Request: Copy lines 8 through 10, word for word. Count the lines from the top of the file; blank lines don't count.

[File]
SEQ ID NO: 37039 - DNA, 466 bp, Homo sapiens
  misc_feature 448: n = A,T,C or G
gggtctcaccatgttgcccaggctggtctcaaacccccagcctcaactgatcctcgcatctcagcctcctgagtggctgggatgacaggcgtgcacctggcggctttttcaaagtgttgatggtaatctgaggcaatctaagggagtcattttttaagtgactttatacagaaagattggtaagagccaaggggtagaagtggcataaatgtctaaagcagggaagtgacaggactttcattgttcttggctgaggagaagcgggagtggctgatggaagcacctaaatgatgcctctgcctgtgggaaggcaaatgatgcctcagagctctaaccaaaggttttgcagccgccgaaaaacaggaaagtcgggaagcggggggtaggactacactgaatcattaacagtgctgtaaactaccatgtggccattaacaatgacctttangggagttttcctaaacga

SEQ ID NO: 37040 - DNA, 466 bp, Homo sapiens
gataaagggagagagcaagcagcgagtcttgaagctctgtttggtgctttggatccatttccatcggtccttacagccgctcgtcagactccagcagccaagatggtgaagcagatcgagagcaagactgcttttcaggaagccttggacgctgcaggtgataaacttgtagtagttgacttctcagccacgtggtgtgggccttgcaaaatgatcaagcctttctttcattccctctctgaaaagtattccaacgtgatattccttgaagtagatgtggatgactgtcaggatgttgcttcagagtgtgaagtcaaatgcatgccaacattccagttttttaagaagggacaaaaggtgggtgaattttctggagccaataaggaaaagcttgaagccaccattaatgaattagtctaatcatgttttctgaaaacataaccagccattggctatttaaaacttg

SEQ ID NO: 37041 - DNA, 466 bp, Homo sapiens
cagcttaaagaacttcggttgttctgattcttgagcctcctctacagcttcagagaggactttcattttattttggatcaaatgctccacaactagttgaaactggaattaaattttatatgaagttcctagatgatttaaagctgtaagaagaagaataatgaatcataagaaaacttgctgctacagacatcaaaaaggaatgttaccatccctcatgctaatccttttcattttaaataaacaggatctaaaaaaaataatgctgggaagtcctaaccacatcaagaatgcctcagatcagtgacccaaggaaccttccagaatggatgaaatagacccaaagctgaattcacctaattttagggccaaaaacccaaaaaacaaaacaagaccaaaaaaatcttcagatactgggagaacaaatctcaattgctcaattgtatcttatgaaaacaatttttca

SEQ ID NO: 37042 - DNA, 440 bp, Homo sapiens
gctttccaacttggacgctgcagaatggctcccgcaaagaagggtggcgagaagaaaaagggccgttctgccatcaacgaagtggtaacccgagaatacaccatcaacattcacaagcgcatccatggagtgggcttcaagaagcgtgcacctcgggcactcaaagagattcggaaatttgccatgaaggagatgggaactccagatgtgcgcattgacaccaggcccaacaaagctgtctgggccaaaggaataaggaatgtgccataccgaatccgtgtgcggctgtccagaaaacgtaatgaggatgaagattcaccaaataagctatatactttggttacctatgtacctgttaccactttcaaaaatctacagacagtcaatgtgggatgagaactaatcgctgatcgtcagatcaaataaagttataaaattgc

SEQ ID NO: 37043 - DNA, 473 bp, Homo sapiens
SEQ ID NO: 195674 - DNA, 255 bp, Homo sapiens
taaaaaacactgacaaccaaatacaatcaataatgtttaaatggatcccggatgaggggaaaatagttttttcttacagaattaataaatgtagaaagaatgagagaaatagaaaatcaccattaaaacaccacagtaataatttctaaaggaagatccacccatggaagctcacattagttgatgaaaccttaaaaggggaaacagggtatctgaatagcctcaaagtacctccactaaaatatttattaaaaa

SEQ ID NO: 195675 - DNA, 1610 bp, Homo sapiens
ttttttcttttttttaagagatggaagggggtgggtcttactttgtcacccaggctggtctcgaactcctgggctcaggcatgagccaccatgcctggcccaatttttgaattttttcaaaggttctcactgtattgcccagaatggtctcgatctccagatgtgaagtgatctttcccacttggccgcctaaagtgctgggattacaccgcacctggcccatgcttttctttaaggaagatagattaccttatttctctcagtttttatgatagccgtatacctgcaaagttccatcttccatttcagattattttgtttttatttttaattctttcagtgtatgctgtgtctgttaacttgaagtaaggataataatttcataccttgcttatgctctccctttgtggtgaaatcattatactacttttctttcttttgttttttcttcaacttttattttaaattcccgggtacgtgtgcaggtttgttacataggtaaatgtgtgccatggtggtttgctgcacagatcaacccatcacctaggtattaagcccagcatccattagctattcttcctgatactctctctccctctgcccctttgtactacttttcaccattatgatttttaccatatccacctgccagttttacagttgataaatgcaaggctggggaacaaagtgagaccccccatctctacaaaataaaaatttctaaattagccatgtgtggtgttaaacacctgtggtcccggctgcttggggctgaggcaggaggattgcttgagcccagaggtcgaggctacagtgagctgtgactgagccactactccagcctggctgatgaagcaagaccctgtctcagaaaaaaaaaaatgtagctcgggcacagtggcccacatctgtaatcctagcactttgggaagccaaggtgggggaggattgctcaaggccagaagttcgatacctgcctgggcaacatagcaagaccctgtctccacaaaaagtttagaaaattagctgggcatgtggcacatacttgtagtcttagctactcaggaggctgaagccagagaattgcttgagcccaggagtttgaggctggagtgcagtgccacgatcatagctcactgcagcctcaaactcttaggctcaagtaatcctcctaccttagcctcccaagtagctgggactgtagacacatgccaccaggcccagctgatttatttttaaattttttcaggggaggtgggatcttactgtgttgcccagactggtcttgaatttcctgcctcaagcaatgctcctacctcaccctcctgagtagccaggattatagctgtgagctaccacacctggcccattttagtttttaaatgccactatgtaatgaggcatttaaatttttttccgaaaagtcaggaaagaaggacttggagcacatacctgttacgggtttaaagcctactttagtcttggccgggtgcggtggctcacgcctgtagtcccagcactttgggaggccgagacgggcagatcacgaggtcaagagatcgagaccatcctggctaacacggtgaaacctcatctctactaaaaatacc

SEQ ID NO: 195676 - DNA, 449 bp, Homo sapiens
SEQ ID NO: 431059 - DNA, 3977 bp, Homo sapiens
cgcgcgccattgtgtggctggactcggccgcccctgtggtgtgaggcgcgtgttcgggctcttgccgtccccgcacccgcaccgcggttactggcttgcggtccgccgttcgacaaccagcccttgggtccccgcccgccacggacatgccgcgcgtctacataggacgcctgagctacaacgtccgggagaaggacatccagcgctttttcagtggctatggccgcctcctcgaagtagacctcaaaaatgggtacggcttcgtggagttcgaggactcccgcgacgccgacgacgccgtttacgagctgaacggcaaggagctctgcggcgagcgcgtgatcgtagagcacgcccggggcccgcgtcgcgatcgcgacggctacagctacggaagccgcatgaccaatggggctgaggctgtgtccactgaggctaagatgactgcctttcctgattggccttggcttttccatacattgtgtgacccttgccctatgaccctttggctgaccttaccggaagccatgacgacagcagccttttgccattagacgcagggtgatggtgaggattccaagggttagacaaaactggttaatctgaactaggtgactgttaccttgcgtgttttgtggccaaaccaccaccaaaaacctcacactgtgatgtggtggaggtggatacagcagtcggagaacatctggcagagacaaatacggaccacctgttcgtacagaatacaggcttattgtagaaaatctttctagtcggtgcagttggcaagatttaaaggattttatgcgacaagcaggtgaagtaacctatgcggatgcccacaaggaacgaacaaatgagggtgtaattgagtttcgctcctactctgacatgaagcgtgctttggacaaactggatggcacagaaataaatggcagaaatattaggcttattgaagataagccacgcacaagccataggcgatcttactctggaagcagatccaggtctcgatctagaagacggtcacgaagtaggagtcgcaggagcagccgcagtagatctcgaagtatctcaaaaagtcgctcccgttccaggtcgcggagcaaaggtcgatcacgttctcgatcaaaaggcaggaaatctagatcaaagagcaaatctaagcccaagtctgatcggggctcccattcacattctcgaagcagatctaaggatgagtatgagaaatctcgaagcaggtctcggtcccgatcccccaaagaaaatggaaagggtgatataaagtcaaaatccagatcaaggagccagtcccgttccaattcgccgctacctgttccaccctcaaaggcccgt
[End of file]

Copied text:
SEQ ID NO: 37042 - DNA, 440 bp, Homo sapiens
gctttccaacttggacgctgcagaatggctcccgcaaagaagggtggcgagaagaaaaagggccgttctgccatcaacgaagtggtaacccgagaatacaccatcaacattcacaagcgcatccatggagtgggcttcaagaagcgtgcacctcgggcactcaaagagattcggaaatttgccatgaaggagatgggaactccagatgtgcgcattgacaccaggcccaacaaagctgtctgggccaaaggaataaggaatgtgccataccgaatccgtgtgcggctgtccagaaaacgtaatgaggatgaagattcaccaaataagctatatactttggttacctatgtacctgttaccactttcaaaaatctacagacagtcaatgtgggatgagaactaatcgctgatcgtcagatcaaataaagttataaaattgc

SEQ ID NO: 37043 - DNA, 473 bp, Homo sapiens